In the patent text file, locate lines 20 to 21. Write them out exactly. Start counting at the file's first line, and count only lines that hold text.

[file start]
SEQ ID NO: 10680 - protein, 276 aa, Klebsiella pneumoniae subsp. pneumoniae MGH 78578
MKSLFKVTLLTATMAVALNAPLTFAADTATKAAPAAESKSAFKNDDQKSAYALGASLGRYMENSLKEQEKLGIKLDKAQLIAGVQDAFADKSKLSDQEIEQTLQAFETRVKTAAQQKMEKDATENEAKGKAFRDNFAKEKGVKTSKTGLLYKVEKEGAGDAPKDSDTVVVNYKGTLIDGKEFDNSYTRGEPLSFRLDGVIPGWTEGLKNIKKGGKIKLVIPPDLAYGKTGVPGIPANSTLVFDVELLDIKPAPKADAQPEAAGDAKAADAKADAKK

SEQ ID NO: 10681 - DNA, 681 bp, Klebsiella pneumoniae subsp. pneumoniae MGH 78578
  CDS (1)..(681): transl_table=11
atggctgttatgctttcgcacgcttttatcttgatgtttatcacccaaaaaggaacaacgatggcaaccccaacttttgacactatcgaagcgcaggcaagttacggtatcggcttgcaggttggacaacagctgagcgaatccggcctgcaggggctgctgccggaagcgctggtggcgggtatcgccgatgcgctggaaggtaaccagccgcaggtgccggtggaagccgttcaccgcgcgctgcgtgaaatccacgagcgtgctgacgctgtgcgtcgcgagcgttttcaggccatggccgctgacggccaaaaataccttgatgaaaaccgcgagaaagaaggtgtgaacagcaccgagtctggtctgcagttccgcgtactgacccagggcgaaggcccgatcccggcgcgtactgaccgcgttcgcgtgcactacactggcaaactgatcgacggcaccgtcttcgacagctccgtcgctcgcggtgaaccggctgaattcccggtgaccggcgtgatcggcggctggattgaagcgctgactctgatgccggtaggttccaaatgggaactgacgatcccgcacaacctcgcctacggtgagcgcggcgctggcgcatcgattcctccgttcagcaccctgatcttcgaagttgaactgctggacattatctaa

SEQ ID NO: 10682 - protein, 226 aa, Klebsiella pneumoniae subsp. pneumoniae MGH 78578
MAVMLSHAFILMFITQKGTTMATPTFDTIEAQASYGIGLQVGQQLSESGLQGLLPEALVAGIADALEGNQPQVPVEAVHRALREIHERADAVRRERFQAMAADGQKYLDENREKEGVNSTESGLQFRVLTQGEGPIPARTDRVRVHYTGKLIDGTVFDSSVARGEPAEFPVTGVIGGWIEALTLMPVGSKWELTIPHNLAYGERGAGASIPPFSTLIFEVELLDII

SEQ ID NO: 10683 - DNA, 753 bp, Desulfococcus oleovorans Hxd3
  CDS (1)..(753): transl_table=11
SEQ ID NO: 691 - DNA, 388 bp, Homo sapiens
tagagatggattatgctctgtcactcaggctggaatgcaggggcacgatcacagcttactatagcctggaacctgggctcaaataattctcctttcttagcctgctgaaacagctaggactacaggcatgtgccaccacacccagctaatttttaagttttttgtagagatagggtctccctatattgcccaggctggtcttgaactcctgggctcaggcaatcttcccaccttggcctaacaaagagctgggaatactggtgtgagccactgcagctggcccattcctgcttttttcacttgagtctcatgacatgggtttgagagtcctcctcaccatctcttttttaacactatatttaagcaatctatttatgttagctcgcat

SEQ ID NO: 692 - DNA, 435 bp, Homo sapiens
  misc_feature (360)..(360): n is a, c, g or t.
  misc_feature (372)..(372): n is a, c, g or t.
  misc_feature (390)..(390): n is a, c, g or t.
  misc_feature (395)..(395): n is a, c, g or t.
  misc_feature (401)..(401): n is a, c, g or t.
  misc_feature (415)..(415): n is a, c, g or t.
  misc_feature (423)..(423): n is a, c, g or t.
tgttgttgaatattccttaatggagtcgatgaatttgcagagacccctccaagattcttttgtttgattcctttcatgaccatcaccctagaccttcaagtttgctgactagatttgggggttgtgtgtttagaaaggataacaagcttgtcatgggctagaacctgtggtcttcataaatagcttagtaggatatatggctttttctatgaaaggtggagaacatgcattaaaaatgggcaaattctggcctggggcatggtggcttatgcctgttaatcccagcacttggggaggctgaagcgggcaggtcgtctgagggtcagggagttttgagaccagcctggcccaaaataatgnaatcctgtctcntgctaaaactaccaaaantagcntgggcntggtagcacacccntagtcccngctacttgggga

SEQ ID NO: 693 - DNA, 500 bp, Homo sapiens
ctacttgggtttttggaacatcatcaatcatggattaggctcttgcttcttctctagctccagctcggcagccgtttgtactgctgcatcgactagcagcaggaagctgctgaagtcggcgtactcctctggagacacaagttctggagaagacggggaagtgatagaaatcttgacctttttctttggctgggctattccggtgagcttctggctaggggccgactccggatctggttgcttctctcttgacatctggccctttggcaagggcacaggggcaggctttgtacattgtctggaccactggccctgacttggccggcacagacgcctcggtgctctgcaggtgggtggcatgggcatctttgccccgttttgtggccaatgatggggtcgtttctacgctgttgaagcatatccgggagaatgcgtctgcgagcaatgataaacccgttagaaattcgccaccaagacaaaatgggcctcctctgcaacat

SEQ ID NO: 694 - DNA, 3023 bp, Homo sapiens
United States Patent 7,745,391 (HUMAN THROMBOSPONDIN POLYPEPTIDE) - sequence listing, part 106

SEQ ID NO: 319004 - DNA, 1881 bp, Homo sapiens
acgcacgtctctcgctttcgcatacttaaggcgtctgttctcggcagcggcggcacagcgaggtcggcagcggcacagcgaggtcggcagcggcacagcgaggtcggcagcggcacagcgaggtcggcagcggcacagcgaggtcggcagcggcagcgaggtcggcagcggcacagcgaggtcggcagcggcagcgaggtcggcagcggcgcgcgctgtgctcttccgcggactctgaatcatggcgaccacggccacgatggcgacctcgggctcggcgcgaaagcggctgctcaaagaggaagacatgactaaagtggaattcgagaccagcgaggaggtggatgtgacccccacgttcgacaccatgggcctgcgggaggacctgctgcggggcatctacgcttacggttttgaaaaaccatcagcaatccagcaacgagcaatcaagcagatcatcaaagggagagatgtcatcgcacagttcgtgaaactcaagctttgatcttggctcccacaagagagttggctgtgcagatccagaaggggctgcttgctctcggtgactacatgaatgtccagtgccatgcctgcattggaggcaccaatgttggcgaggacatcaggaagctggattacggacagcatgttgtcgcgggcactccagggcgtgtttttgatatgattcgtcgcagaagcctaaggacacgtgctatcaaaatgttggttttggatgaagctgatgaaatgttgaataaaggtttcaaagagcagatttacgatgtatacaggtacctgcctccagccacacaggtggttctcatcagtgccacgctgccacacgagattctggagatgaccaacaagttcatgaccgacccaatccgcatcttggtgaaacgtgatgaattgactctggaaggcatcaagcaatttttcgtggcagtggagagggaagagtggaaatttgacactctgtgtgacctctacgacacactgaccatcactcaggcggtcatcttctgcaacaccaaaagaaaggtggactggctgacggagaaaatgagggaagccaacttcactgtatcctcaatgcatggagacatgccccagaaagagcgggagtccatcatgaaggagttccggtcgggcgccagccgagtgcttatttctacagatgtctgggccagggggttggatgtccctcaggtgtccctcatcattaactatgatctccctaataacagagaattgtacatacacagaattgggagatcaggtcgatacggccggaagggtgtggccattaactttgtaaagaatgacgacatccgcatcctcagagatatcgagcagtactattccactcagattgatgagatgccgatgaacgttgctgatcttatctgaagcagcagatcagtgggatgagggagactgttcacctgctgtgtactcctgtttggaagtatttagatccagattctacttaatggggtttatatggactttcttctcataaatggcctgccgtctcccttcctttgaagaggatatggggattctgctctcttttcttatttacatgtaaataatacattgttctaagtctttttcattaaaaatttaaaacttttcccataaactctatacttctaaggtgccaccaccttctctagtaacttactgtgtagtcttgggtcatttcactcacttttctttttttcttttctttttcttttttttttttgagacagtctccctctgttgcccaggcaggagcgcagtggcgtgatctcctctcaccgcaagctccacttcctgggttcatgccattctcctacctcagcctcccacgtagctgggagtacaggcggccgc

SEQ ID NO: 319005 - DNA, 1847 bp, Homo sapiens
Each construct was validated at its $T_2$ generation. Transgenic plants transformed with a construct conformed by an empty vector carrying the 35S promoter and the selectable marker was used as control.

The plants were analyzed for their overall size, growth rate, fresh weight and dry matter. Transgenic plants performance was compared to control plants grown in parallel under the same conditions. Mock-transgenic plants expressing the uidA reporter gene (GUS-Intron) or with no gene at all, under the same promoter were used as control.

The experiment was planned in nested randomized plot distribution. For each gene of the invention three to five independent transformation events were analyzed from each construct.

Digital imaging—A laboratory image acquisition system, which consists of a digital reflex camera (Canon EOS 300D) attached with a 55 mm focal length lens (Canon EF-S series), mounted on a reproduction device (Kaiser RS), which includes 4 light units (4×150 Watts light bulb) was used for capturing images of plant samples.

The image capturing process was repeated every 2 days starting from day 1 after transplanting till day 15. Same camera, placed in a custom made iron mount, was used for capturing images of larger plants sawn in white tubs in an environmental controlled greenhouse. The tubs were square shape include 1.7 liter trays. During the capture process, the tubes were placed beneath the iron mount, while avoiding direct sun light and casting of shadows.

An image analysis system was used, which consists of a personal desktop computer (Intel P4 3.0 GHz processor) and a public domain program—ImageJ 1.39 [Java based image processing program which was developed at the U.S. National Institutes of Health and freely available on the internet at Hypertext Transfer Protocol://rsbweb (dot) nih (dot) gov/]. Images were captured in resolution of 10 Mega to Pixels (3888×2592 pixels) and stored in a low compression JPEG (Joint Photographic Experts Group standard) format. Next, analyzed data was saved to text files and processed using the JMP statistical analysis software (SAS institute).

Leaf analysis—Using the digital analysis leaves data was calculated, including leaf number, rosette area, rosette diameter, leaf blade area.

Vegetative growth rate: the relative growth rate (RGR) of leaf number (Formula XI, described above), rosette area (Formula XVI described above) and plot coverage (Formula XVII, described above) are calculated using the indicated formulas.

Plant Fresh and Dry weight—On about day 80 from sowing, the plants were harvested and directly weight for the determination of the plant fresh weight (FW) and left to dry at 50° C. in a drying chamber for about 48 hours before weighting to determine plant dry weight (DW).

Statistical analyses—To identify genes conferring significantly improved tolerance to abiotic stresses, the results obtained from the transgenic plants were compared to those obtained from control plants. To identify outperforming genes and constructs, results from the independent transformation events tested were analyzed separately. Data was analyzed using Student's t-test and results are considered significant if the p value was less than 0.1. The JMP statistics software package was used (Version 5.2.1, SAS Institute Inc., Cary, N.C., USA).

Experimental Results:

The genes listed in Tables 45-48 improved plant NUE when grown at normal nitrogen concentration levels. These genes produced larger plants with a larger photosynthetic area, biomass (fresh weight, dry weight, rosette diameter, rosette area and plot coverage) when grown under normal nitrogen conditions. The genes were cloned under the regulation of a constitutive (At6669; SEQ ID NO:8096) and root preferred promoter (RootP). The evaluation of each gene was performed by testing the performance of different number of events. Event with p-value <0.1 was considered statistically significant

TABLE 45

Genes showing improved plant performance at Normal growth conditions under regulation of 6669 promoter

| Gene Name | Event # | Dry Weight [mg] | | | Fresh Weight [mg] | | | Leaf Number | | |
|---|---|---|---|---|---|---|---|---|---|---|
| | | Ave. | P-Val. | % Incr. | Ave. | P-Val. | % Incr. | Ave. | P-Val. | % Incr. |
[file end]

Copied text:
tgttgttgaatattccttaatggagtcgatgaatttgcagagacccctccaagattcttttgtttgattcctttcatgaccatcaccctagaccttcaagtttgctgactagatttgggggttgtgtgtttagaaaggataacaagcttgtcatgggctagaacctgtggtcttcataaatagcttagtaggatatatggctttttctatgaaaggtggagaacatgcattaaaaatgggcaaattctggcctggggcatggtggcttatgcctgttaatcccagcacttggggaggctgaagcgggcaggtcgtctgagggtcagggagttttgagaccagcctggcccaaaataatgnaatcctgtctcntgctaaaactaccaaaantagcntgggcntggtagcacacccntagtcccngctacttgggga

SEQ ID NO: 693 - DNA, 500 bp, Homo sapiens